A skilled work force made the Monticello plantation run. At various times Jefferson hired gardeners, a brewer, masons, smiths, joiners, carriage builders, charcoal burners, and weavers to teach their trades to enslaved men and women. From the age of ten, boys began work in a nail-making shop. Girls started work in a textile shop. Based on their performances, at age 16 they would learn a trade or go to work in the fields.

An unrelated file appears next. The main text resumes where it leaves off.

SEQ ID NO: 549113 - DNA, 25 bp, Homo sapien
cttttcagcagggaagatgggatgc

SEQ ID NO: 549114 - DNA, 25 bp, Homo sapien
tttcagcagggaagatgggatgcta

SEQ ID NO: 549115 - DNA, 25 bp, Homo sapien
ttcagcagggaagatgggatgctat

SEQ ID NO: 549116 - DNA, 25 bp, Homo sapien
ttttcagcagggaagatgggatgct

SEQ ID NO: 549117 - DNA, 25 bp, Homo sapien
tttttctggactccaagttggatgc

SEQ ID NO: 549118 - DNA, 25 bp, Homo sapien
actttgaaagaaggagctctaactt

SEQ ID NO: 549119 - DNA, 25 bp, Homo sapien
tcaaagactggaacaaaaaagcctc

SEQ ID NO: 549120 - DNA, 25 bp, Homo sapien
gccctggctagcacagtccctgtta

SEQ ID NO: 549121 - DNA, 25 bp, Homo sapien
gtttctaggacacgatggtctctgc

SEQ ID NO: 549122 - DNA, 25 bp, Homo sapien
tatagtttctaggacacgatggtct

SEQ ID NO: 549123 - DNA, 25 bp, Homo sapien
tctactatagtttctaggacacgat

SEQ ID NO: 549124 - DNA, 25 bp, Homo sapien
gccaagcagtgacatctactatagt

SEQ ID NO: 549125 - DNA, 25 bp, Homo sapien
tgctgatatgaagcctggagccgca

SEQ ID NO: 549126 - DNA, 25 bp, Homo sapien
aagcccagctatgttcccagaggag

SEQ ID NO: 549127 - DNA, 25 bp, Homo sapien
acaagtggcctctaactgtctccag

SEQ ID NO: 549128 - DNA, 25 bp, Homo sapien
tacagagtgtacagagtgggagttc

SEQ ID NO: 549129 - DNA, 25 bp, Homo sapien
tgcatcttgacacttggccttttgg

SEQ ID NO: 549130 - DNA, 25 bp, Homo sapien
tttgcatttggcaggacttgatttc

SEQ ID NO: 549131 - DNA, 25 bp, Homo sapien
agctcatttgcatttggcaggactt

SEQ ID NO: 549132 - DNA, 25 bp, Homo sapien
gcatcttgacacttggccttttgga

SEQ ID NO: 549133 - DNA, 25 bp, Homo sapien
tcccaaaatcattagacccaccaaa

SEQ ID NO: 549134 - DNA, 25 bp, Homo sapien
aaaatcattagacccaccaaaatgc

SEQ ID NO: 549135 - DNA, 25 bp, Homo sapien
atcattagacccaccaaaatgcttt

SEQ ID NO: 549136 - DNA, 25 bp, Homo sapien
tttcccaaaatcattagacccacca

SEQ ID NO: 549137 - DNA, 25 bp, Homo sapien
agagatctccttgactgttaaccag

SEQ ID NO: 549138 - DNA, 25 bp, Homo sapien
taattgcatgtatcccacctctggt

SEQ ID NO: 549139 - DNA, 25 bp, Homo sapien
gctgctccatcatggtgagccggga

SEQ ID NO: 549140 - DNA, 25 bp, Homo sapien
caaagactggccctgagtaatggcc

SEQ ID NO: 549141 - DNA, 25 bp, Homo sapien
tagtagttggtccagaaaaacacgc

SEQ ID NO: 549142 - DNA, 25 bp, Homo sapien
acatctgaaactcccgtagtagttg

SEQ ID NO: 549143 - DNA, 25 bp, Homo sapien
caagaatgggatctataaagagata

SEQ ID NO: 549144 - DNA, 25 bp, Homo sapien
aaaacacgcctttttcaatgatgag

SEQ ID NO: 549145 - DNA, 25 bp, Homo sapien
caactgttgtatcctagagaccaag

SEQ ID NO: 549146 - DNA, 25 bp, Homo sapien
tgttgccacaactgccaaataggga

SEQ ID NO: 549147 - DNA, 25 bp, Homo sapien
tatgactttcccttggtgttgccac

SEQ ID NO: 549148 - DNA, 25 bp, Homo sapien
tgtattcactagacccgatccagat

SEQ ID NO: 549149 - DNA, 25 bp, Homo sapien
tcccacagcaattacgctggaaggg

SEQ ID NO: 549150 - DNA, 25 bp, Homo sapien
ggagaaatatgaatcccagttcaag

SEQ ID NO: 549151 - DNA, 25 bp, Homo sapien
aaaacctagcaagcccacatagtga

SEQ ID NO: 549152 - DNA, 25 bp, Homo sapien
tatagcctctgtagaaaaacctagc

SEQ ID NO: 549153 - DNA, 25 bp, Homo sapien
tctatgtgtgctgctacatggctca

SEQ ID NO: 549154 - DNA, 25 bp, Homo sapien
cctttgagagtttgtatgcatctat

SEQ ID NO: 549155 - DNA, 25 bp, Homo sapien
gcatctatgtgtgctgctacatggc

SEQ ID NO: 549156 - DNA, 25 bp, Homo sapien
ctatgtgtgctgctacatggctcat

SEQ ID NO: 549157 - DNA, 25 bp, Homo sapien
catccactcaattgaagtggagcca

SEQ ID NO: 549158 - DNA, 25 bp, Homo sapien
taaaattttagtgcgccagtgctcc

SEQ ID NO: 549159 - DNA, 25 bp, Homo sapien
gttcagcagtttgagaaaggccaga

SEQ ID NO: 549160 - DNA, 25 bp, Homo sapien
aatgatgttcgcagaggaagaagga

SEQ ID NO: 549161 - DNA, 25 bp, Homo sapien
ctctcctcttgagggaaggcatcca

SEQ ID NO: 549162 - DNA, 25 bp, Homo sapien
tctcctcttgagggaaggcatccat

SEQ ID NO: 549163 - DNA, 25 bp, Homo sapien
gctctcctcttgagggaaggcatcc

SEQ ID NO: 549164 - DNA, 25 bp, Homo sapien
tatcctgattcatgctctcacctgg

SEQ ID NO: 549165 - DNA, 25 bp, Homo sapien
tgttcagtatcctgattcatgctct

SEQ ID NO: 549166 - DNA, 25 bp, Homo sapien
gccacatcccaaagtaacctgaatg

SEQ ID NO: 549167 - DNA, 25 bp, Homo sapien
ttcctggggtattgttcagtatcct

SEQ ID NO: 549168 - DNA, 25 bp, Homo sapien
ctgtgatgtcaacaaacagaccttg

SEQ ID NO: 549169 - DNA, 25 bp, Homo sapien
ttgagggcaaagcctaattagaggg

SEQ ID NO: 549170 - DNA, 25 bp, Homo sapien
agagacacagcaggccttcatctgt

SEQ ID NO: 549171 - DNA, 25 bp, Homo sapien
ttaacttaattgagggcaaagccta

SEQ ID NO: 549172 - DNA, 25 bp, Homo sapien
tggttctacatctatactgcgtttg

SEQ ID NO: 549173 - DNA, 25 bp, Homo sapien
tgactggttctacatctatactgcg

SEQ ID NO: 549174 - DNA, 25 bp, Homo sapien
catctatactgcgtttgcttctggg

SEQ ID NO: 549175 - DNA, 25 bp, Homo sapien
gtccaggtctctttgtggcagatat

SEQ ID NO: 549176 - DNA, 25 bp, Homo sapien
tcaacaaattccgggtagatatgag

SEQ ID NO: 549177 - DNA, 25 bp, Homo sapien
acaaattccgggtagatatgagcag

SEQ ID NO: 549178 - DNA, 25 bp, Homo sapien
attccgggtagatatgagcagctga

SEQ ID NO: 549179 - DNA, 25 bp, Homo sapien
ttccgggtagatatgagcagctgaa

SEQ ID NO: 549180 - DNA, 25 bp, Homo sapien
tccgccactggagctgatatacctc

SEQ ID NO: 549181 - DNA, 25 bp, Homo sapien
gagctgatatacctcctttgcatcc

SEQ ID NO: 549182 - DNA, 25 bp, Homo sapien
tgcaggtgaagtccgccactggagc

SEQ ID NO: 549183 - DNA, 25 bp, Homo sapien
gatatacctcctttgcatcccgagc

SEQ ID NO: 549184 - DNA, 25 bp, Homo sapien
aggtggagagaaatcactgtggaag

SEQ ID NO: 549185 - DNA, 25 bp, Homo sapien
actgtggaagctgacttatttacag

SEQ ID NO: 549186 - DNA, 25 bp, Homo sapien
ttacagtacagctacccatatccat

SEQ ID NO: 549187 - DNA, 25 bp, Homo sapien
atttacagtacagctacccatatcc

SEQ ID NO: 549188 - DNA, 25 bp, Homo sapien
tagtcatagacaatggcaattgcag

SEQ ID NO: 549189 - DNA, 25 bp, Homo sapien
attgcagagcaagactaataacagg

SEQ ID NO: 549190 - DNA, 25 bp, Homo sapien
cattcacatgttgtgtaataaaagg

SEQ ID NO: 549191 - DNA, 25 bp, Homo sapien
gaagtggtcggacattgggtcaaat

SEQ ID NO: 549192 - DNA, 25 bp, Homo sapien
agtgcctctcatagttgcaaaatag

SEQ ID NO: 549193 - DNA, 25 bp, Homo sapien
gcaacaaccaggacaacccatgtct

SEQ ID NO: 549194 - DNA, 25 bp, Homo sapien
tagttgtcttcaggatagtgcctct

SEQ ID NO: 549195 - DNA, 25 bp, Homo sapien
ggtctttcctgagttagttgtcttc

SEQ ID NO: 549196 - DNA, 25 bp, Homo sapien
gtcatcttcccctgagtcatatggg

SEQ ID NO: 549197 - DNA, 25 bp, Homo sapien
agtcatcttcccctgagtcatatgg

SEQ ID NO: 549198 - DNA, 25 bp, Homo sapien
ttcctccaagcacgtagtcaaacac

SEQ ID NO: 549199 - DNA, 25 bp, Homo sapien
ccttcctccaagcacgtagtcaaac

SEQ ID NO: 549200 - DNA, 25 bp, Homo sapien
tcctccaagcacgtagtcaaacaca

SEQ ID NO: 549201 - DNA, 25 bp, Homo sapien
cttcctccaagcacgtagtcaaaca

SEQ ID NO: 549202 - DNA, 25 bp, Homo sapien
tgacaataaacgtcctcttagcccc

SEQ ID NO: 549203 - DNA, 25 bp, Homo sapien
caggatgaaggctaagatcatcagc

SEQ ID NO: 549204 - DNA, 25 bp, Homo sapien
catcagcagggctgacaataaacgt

This object, made for Jefferson’s youngest granddaughter, shows some of Hemmings’s woodworking signatures: the way the shelves are attached to the sides of the cupboard, the double-bead molding on the shelves’ front edges, and the curved molding on the door frame.
Hanging cupboard made by John Hemmings, walnut and tulip poplar, ca. 1820. Thomas Jefferson Foundation